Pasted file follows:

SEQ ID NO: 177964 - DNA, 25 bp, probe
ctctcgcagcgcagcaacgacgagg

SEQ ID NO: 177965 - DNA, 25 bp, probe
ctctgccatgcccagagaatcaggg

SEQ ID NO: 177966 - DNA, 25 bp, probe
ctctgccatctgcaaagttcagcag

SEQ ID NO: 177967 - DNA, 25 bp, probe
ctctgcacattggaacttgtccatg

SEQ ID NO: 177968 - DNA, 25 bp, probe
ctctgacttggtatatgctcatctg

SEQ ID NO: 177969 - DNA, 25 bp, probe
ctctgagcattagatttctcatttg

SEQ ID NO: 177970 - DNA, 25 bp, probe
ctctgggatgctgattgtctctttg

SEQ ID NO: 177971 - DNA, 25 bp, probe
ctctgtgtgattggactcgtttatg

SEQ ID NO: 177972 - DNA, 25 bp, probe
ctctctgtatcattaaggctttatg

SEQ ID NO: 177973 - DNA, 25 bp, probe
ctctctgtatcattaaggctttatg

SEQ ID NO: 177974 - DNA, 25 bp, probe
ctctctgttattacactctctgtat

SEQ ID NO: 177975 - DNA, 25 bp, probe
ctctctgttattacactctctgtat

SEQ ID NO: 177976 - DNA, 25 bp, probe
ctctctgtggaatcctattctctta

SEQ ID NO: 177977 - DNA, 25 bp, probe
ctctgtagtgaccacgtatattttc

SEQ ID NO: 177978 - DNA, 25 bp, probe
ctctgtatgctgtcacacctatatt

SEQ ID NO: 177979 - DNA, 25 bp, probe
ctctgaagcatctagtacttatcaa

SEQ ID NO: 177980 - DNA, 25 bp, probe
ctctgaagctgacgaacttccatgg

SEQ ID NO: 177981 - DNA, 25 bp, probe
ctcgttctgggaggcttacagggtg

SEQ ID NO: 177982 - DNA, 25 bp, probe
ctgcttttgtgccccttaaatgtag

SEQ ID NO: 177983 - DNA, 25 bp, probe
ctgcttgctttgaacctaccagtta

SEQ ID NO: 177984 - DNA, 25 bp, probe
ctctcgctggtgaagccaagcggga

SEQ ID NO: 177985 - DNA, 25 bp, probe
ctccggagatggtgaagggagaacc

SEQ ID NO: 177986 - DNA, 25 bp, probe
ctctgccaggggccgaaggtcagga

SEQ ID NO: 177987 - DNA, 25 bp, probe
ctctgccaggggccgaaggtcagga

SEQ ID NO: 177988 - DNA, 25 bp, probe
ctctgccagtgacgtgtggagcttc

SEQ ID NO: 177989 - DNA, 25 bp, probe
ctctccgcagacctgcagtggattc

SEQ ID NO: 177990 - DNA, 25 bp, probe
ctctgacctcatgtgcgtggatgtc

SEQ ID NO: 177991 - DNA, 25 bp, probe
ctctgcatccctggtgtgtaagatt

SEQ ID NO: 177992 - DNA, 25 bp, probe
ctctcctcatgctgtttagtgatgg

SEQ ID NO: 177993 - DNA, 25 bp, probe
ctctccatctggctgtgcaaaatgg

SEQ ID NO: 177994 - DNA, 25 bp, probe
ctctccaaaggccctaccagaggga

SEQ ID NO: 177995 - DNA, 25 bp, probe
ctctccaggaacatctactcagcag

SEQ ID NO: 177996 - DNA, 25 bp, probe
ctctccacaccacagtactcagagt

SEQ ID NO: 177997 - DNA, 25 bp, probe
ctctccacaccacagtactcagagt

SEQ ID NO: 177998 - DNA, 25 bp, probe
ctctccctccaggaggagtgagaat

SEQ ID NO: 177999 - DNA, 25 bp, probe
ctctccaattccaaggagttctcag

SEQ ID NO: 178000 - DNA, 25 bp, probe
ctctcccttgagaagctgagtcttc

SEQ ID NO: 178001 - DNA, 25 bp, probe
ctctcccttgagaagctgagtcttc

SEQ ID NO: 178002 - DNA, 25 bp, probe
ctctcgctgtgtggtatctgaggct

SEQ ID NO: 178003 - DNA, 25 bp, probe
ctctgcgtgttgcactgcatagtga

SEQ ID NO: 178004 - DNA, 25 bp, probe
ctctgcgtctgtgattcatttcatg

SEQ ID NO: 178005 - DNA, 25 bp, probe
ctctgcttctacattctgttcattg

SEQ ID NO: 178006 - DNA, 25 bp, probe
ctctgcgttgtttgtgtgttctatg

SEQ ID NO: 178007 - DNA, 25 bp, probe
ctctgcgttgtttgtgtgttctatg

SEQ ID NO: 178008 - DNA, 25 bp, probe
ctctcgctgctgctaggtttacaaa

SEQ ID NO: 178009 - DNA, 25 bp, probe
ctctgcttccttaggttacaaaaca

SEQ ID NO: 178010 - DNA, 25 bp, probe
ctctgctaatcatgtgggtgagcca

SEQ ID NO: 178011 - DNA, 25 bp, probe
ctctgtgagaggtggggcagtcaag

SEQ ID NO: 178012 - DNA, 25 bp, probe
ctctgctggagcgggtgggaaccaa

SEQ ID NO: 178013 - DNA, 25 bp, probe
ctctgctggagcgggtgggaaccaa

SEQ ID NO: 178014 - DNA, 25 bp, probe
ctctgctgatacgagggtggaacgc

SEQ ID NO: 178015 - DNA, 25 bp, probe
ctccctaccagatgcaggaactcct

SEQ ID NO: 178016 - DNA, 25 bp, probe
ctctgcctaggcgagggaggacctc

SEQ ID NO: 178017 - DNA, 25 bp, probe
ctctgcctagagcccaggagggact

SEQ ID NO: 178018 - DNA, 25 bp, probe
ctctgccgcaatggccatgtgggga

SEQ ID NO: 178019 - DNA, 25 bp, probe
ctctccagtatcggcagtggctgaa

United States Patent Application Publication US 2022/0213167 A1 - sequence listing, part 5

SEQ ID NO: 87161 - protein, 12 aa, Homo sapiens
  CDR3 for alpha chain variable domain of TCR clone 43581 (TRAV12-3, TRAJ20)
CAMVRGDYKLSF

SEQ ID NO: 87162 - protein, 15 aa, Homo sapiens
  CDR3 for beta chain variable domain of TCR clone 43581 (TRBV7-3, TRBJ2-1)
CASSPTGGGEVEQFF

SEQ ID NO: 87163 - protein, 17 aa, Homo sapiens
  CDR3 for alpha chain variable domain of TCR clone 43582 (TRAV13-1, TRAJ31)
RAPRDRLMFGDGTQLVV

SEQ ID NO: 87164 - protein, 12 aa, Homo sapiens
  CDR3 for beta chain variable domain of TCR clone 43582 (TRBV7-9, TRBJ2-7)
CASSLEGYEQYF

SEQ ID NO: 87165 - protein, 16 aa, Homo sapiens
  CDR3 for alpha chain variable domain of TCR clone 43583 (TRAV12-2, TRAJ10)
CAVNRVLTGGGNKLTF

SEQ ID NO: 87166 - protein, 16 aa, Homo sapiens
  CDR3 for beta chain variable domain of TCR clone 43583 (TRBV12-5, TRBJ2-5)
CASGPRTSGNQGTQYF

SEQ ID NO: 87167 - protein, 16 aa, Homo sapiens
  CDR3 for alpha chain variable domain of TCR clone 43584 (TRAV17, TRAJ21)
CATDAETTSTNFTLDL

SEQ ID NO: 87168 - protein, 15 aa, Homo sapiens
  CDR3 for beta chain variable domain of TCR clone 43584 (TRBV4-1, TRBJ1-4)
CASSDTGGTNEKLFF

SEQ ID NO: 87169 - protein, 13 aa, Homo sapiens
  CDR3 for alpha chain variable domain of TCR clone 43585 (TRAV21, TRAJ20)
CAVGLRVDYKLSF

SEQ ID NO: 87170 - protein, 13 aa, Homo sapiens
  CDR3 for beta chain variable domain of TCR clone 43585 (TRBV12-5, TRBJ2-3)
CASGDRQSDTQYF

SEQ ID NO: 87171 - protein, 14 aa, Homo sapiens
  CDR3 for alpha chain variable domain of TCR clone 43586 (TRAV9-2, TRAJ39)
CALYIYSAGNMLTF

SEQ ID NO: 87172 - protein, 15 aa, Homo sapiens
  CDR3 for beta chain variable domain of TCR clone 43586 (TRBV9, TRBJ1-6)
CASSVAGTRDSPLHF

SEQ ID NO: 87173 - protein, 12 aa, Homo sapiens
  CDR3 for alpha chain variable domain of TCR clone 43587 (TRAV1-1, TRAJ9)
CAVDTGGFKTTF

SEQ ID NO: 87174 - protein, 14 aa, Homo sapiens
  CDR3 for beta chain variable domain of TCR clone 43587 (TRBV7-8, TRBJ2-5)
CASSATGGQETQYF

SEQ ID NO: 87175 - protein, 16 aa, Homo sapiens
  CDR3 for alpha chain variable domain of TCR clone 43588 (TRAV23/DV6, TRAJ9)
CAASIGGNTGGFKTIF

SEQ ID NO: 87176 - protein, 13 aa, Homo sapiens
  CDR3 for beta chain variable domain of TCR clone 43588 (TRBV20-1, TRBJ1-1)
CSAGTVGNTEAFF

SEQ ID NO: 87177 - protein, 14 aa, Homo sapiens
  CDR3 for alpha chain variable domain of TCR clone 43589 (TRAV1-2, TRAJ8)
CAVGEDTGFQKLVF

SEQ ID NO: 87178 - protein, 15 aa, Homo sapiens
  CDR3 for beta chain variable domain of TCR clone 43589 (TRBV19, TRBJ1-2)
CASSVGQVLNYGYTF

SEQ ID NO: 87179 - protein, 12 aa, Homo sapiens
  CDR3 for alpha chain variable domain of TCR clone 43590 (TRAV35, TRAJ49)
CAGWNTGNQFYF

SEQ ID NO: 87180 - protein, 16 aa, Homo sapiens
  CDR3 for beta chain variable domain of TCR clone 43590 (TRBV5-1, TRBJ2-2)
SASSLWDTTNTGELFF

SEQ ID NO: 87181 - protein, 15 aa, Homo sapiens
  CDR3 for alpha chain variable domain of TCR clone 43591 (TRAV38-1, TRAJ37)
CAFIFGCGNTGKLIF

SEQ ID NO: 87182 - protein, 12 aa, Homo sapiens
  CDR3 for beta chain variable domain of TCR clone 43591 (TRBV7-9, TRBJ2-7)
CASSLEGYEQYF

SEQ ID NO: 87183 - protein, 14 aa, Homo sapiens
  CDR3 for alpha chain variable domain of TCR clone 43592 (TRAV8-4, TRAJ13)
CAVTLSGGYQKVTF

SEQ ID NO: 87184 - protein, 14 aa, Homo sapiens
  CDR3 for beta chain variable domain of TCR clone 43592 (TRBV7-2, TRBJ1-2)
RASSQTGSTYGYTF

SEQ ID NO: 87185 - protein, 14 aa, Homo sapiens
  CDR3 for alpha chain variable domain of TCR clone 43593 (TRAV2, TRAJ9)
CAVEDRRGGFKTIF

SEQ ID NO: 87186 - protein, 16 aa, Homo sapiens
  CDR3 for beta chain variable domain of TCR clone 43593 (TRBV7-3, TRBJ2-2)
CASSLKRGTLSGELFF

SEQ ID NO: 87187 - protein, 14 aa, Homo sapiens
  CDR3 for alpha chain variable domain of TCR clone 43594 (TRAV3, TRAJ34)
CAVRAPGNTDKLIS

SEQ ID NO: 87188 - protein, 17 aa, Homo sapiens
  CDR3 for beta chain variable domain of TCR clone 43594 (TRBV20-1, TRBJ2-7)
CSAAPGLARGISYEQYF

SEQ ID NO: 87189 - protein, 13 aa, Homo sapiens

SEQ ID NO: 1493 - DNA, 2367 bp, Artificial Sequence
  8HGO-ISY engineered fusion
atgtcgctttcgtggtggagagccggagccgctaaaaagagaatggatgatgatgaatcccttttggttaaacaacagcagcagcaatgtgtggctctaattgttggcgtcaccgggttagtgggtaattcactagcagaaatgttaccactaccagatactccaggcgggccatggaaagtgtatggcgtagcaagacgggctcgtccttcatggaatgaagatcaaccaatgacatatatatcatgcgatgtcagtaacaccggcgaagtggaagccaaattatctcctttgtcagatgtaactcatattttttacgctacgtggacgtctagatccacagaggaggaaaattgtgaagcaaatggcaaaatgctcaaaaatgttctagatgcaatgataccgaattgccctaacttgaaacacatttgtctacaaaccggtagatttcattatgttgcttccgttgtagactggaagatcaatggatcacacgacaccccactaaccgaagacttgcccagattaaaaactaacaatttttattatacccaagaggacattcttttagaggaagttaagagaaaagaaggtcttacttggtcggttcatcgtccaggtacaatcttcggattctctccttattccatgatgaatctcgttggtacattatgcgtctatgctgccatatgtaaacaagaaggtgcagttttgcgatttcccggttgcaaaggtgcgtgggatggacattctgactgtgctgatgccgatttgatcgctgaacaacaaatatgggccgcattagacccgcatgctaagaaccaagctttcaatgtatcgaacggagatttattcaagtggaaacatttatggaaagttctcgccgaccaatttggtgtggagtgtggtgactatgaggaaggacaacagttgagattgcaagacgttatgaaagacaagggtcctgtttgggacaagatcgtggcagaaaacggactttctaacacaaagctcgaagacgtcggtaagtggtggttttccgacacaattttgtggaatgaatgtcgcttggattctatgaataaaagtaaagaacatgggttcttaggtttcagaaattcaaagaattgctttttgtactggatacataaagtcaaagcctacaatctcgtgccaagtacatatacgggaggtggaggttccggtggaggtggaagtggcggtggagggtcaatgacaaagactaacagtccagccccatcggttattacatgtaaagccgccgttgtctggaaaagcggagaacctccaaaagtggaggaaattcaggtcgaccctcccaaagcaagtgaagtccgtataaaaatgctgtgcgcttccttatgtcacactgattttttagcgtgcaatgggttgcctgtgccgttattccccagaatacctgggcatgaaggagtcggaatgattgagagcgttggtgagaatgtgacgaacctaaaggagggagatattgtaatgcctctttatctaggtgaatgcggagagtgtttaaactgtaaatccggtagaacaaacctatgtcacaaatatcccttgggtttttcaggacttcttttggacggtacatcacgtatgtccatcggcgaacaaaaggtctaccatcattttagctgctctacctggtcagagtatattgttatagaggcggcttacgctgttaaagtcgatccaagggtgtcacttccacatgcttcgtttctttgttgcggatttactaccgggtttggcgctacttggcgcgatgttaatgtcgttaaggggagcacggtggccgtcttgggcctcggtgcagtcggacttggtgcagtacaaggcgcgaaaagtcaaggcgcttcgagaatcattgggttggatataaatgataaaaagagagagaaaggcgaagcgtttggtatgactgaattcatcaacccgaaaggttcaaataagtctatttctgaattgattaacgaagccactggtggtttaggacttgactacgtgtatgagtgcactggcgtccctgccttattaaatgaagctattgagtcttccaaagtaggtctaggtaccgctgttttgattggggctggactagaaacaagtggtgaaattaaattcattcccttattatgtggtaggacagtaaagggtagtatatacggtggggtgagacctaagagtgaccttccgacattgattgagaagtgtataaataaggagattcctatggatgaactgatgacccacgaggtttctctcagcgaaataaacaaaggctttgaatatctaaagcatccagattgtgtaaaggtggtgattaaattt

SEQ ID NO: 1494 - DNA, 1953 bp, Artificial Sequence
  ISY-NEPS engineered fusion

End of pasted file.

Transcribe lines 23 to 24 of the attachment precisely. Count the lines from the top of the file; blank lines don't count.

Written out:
SEQ ID NO: 177975 - DNA, 25 bp, probe
ctctctgttattacactctctgtat